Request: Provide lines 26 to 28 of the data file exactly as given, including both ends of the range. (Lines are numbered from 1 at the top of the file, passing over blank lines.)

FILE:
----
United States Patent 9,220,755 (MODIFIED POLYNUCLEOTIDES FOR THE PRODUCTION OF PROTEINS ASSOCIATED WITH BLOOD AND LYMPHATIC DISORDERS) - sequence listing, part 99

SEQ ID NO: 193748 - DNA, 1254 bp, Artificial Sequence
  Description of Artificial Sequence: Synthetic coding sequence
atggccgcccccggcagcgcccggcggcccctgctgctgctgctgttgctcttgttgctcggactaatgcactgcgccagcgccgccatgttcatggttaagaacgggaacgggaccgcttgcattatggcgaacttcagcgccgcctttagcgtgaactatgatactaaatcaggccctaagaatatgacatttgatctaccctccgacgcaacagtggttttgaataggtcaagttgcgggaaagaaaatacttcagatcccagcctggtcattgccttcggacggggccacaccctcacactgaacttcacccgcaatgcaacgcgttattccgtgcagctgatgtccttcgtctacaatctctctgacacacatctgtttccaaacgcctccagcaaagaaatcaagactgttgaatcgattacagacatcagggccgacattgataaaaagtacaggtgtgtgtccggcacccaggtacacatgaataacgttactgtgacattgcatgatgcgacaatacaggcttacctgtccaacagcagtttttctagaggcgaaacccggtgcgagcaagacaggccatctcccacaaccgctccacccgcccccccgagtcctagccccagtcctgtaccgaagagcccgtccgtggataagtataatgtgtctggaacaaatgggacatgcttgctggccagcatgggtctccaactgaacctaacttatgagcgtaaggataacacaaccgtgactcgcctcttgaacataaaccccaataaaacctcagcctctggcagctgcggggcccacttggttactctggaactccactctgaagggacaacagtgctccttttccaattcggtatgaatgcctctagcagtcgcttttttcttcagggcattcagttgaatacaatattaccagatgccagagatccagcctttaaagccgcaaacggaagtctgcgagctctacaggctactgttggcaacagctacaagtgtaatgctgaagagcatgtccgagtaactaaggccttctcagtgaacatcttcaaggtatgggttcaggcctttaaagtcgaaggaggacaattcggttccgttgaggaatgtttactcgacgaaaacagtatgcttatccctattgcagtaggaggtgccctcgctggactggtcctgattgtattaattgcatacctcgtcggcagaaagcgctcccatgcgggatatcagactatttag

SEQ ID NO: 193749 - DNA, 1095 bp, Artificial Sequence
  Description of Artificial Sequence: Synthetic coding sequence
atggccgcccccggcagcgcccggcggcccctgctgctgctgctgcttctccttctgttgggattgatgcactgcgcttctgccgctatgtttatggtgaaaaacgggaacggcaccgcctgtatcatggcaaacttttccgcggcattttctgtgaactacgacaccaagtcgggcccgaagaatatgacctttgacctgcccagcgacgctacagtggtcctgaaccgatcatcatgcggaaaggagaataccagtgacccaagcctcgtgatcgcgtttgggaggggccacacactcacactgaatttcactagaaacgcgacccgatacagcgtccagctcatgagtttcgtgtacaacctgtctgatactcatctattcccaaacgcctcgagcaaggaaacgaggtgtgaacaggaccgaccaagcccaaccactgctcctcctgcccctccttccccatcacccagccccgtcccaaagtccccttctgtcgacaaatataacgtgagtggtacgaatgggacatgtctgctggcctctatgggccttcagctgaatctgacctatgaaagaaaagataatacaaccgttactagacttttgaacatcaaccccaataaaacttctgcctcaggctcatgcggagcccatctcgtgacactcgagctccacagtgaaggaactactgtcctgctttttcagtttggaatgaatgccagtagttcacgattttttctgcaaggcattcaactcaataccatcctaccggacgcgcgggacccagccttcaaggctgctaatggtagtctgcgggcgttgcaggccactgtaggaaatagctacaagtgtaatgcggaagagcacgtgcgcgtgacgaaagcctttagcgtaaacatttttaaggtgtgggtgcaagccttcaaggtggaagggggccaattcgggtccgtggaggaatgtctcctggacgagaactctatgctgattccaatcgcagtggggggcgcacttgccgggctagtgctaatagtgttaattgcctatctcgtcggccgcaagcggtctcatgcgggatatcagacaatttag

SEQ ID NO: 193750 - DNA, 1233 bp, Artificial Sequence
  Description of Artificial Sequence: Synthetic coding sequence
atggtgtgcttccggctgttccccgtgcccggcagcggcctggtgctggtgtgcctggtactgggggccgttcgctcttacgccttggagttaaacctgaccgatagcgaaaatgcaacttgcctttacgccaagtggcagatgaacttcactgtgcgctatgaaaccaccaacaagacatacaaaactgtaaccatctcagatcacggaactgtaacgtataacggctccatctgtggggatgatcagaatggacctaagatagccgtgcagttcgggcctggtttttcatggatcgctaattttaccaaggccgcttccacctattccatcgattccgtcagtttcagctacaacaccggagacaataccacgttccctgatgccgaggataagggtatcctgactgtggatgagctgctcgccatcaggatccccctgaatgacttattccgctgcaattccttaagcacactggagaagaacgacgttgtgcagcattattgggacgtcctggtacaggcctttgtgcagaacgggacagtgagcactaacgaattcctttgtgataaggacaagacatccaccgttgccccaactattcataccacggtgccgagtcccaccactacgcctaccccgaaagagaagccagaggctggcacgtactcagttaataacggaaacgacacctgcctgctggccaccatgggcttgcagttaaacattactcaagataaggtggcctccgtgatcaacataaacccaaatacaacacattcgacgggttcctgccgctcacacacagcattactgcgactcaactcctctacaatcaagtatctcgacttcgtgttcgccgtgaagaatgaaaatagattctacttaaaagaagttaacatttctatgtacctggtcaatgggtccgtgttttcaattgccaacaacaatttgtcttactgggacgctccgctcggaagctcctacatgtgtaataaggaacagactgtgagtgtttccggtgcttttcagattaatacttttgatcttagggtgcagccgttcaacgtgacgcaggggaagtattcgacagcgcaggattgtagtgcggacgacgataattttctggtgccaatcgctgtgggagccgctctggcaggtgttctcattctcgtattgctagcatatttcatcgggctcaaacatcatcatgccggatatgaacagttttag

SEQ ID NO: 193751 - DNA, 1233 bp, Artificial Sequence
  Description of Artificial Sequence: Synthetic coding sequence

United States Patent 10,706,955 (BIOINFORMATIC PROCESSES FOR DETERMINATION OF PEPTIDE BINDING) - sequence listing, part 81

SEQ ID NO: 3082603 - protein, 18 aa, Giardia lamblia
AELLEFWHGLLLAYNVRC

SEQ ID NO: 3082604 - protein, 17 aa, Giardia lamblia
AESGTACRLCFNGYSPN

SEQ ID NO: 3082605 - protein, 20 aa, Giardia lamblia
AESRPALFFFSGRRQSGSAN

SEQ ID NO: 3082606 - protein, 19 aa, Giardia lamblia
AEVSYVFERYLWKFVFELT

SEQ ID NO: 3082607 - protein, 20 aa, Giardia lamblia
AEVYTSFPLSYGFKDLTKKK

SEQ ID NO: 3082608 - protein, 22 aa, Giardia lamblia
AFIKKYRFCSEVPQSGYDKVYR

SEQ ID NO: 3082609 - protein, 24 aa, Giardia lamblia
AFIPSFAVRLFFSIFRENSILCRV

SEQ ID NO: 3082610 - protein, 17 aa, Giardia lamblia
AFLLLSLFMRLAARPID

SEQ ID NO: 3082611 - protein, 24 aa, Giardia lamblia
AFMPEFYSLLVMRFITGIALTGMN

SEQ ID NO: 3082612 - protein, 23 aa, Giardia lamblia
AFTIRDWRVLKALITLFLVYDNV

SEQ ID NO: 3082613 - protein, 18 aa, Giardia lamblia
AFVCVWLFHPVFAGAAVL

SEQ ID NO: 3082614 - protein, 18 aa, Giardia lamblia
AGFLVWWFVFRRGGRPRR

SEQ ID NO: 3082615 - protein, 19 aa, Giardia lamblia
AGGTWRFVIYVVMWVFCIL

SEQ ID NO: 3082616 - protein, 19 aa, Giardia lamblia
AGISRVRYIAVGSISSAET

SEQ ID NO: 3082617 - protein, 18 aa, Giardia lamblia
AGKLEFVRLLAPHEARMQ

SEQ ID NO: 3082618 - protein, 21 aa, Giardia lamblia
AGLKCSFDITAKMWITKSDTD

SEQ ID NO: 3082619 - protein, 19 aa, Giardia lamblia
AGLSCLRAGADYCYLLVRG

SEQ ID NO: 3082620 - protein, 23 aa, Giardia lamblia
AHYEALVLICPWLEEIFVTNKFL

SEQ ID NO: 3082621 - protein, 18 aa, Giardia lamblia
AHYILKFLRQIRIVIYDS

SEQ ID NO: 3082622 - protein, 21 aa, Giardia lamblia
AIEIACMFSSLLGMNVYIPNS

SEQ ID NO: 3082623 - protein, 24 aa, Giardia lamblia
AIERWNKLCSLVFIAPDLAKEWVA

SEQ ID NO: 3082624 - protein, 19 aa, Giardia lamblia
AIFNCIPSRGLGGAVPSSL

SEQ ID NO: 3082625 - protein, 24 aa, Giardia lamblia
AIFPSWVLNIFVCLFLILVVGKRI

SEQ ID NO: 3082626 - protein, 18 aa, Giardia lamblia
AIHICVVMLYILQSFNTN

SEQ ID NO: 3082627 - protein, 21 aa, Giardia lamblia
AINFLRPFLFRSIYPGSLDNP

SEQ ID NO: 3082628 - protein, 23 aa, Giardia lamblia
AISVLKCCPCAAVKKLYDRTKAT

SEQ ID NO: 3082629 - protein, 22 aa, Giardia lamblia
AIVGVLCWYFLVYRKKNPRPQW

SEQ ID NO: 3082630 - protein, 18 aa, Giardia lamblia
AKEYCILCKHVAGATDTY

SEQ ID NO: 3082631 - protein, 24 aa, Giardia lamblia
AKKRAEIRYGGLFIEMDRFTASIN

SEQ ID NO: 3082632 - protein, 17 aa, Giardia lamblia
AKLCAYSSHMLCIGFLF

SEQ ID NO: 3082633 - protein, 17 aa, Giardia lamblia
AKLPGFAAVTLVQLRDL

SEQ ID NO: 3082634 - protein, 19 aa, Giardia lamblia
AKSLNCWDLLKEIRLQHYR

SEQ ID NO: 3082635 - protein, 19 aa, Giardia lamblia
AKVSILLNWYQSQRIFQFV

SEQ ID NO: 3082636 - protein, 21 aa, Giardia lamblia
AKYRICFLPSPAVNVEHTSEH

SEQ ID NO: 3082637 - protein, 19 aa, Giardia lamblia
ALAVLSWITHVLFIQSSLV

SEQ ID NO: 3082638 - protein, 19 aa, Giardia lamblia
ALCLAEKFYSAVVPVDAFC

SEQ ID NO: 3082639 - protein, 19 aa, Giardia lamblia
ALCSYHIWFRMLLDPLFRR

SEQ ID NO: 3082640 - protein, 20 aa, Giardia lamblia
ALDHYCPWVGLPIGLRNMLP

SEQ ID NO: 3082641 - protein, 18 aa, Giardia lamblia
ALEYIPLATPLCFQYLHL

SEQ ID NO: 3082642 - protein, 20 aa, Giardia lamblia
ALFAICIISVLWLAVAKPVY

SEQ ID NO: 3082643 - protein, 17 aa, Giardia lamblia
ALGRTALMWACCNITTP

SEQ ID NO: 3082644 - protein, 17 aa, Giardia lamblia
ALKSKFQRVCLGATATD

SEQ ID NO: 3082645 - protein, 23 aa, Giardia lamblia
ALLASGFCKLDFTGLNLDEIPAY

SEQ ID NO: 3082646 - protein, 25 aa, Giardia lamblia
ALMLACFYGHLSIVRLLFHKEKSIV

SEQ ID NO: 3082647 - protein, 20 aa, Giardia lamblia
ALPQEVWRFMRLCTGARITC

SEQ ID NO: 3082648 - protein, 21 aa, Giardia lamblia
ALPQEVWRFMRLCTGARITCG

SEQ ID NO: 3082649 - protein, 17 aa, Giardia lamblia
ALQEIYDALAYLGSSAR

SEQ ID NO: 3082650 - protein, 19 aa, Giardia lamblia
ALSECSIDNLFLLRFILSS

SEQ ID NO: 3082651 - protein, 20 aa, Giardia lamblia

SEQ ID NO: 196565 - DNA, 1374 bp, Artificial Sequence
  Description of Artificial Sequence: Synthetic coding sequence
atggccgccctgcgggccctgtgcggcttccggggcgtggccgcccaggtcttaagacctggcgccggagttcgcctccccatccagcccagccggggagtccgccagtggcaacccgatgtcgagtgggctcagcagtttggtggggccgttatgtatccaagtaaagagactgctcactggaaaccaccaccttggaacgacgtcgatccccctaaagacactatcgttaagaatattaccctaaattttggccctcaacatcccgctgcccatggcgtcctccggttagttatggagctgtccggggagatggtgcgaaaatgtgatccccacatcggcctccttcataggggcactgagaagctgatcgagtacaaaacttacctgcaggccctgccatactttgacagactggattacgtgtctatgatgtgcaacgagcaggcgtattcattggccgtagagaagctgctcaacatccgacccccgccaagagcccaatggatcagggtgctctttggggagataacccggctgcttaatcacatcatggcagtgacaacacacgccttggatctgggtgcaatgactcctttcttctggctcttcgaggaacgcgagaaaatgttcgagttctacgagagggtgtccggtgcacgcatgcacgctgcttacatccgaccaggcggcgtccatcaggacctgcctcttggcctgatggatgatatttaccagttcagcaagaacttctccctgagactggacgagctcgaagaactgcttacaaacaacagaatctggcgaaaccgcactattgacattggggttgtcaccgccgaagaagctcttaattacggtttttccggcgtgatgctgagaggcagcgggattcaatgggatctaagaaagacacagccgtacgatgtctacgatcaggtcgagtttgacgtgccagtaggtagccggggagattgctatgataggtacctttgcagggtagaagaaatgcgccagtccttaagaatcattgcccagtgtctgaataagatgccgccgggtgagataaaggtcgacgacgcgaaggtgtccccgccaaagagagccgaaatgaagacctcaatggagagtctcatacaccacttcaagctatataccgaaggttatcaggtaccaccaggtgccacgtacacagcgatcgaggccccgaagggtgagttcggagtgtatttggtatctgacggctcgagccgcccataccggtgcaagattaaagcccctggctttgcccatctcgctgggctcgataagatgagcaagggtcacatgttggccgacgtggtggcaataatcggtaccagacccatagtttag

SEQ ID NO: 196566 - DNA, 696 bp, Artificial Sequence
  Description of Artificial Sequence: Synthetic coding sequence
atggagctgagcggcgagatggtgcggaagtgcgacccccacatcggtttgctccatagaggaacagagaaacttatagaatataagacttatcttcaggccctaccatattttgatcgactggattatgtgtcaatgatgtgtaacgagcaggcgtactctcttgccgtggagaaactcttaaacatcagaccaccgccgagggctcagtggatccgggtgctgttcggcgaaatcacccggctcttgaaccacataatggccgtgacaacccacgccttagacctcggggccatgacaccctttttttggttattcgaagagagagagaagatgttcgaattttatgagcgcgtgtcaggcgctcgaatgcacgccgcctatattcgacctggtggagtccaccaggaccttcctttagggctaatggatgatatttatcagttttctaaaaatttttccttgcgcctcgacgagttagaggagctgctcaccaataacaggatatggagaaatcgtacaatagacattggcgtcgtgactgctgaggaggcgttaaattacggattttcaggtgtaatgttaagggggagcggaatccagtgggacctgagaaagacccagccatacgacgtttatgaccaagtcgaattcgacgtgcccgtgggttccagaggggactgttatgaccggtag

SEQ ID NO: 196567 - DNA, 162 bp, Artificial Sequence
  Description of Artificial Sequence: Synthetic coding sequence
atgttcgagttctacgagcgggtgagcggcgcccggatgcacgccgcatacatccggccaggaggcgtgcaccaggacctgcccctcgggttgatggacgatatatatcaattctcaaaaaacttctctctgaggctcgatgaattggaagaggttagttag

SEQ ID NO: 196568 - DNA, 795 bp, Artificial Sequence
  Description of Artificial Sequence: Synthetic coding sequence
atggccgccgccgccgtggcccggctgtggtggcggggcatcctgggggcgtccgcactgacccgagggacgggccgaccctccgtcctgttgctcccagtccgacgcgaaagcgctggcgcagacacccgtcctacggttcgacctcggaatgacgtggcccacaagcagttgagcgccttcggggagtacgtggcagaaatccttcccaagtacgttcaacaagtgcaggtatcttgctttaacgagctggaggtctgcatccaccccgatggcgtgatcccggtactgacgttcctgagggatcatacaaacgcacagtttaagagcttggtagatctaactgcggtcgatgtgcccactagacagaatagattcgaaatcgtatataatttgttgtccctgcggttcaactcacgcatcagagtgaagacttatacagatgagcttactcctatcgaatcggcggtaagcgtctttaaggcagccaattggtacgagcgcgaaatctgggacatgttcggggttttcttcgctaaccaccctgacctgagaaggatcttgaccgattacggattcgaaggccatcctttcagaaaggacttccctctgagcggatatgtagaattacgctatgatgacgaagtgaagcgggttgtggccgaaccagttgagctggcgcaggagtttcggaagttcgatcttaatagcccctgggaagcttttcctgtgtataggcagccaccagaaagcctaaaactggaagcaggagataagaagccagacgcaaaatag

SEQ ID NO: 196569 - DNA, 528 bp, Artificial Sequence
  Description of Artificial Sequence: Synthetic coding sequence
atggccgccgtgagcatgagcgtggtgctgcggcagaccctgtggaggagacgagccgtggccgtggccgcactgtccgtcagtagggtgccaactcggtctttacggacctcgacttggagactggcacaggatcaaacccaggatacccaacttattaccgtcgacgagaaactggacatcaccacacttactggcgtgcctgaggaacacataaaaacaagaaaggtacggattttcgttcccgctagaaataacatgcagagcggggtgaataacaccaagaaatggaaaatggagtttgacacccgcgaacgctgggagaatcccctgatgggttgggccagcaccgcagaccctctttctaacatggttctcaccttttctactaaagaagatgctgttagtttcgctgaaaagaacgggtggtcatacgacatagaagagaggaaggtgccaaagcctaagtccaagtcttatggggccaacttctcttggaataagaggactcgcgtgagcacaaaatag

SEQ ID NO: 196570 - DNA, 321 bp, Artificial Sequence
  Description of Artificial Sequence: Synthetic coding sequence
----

SEQ ID NO: 3082609 - protein, 24 aa, Giardia lamblia
AFIPSFAVRLFFSIFRENSILCRV

SEQ ID NO: 3082610 - protein, 17 aa, Giardia lamblia